What caused the rift between D.S. and Sir Baron

By Drene Terana Sariffodeen
D.S. Senanayake's association with Sir Baron Jayatilaka was solid and longstanding. It began as early as 1912 in the days of the 'Temperance Movement' and was strengthened during their imprisonment after the riots of 1915. They were members of the Ceylon National Congress from 1919, the Ceylon Legislative Council from 1924, and the Ceylon State Council from 1931.

Although Sir Baron was the Leader of the State Council from its inception in 1931, and 16 years his senior, D.S. Senanayake was the dominant personality who called the tune and who had a stronger influence and the support of the State Council. Nevertheless, they formed a duumvirate and dominated Ceylonese politics for many years.

However, a decline in their close association transpired during the late 1930s, resulting in Sir Baron's retirement from politics in 1942. The most important factor that brought about this decline was Sir Baron's inability to cope with the responsibilities as the Leader of the State Council and the unpopularity he gained from his incompetence. As a result, D.S. Senanayake rose to dominate the political atmosphere further, and became astute in matters that Sir Baron had failed to identify as important to the future of Ceylon.

The strain of World War II and the responsibilities of the State Council posed a huge challenge to the aging Sir Baron. The Governor, Sir Andrew Caldecott, complained that Sir Baron was “too senile, too casual, too lazy and too flabby to lead the Council or even his Executive Committee,” while his committee members found him to be”dilatory and somnolent”. When Sir Baron's incompetence began to threaten certain constitutional benefits hitherto enjoyed by the Ceylonese Ministers and the people of the country, the younger guard of the State Council demanded a change in the leadership.

The first such incident took place in 1939. When war broke out in Europe, the Governor considered it necessary to form a Local Defence Committee and he invited Sir Baron, Minister of Home Affairs, to join this body. Sir Baron, without consulting his colleagues, subscribed to an article in the Internal Security Scheme, which contained certain elements that were criticized as detrimental to the Ceylonese by a committee that was formulated in 1928.

Mr. Senanayake, as a member of this committee, together with a few other European members, had advised the alteration of these harmful elements, particularly the superfluous powers granted to the Police and to a Special Force, whose services would be mobilised in case of an emergency.

Those who were victims of the riots of 1915 were critical of these arbitrary powers that were delegated to the Police and the European planters. Sir Baron by subscribing to this scheme permitted local emergencies to be dealt with, by European planters either as Unofficial Police Magistrates or as Special Police Officers. Mr. Senanayake who was astounded by Sir Baron's course of action, openly criticised him and demanded the revelation of the scheme. When the Bill was tabled in the State Council, Mr. Senanayake vehemently opposed the scheme in toto.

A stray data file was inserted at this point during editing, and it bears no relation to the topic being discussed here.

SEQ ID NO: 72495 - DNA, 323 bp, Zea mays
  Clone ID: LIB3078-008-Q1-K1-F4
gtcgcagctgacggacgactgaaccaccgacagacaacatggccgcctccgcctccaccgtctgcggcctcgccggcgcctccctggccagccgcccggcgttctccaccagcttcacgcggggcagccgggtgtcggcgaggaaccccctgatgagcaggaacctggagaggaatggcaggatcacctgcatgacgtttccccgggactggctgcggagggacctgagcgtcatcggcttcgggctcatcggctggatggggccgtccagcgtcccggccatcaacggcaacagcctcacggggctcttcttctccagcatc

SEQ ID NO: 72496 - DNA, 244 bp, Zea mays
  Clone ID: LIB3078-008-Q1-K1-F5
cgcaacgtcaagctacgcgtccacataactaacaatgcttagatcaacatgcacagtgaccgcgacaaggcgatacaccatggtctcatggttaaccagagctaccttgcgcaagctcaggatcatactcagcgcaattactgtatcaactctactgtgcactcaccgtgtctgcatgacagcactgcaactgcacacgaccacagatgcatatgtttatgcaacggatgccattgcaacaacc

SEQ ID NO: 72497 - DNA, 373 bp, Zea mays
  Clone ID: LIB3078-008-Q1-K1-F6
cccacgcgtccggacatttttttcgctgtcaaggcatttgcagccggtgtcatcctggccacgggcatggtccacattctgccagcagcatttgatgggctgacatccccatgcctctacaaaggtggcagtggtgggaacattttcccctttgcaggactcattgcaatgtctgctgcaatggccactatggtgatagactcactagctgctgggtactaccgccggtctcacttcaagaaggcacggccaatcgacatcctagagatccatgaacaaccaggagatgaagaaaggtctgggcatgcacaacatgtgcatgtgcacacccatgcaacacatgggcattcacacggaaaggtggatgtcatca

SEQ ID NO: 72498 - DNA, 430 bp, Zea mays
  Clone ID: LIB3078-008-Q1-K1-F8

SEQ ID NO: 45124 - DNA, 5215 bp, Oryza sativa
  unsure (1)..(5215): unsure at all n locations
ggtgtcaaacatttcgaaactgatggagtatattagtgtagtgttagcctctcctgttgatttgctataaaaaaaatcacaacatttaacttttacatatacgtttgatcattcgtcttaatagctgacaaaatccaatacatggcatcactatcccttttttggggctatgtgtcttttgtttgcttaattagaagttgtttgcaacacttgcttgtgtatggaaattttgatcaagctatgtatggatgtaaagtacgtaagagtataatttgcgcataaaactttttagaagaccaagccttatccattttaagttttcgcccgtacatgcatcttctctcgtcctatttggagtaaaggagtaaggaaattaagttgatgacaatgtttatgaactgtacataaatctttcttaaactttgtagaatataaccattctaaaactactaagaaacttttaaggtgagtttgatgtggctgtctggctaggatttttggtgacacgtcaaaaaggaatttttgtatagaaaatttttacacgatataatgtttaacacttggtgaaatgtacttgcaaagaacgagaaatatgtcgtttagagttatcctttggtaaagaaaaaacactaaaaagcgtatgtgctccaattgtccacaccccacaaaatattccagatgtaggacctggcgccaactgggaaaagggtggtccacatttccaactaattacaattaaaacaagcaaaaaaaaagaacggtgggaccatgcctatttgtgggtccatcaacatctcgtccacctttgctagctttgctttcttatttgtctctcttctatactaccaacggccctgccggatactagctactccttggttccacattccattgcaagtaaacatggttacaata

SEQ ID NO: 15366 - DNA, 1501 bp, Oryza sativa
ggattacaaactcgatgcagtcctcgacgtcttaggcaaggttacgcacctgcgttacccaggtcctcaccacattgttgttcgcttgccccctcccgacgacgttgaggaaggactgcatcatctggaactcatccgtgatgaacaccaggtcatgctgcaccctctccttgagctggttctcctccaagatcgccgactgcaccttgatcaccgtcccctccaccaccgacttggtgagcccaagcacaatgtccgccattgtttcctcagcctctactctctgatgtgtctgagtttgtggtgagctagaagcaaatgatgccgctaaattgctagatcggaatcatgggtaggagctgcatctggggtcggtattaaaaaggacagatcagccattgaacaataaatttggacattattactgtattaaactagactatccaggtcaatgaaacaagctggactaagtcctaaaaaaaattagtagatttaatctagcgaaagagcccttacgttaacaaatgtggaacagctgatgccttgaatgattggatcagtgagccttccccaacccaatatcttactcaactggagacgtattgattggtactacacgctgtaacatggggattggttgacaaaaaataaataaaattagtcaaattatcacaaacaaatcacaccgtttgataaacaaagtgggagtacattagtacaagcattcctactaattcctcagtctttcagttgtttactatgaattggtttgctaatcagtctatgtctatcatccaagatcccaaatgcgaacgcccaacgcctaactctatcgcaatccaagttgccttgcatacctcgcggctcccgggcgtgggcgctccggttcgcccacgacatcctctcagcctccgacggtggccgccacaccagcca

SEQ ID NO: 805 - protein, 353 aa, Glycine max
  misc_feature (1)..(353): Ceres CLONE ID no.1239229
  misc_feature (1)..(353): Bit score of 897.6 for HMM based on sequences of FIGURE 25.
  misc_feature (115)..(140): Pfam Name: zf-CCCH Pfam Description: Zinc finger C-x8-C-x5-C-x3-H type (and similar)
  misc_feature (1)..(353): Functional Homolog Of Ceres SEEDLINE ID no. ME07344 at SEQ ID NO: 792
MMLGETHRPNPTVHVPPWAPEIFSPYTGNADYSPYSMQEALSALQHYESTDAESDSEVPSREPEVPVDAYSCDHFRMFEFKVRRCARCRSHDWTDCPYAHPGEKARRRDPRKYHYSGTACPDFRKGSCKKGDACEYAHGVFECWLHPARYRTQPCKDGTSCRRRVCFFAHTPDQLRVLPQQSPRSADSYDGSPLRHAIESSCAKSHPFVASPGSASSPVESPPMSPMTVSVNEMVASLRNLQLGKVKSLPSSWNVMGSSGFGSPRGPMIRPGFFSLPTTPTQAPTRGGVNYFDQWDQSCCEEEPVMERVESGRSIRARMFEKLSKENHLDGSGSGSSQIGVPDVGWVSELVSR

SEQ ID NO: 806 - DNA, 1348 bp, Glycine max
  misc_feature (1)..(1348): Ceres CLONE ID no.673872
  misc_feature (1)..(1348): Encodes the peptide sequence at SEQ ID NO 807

The second episode that brought Sir Baron's leadership capabilities into question was the 'Mooloya incident' of January 10, 1940. This incident involved the shooting and killing of a plantation labourer by a team of Police personnel who were sent to suppress labour unrest in the Mooloya Estate. When the shooting occurred, the Communists of Ceylon - the Sama Samajists - attempted to seize the stage for propaganda and political advantage. However, under the direction of D.S. Senanayake, the Ministers skilfully contained the incident and appointed a commission to inquire into the incidents.

Sir Baron, had directed P.N. Banks, the Inspector-General of Police, to instruct his Police personnel, who were conducting the prosecutions, not to oppose applications for postponement of court proceedings until the Mooloya Commission had completed their investigations.

However, Banks refused to carry out Sir Baron's instructions on the grounds that his direction had neither been authorised by his Executive Committee of Home Affairs, nor received ratification of the Governor. Banks used Article 45 of the State Council order-in-council of 1931, to make his case.

This article required that a Minister receive prior approval of his Executive Committee before issuing instructions to a Head of a Department. It was rarely adhered to by the Ministers, for they often issued instructions without procuring prior approval of their respective Executive Committees. This article therefore was declared moribund.

In any event, on February 13, 1940, Sir Baron wrote to the Governor accusing Banks of “insubordination and indiscipline” and requested the Governor to take disciplinary action against the IGP. The Governor refused to do so and his decision precipitated the resignation of the Ministers from their portfolios on February 27, 1940.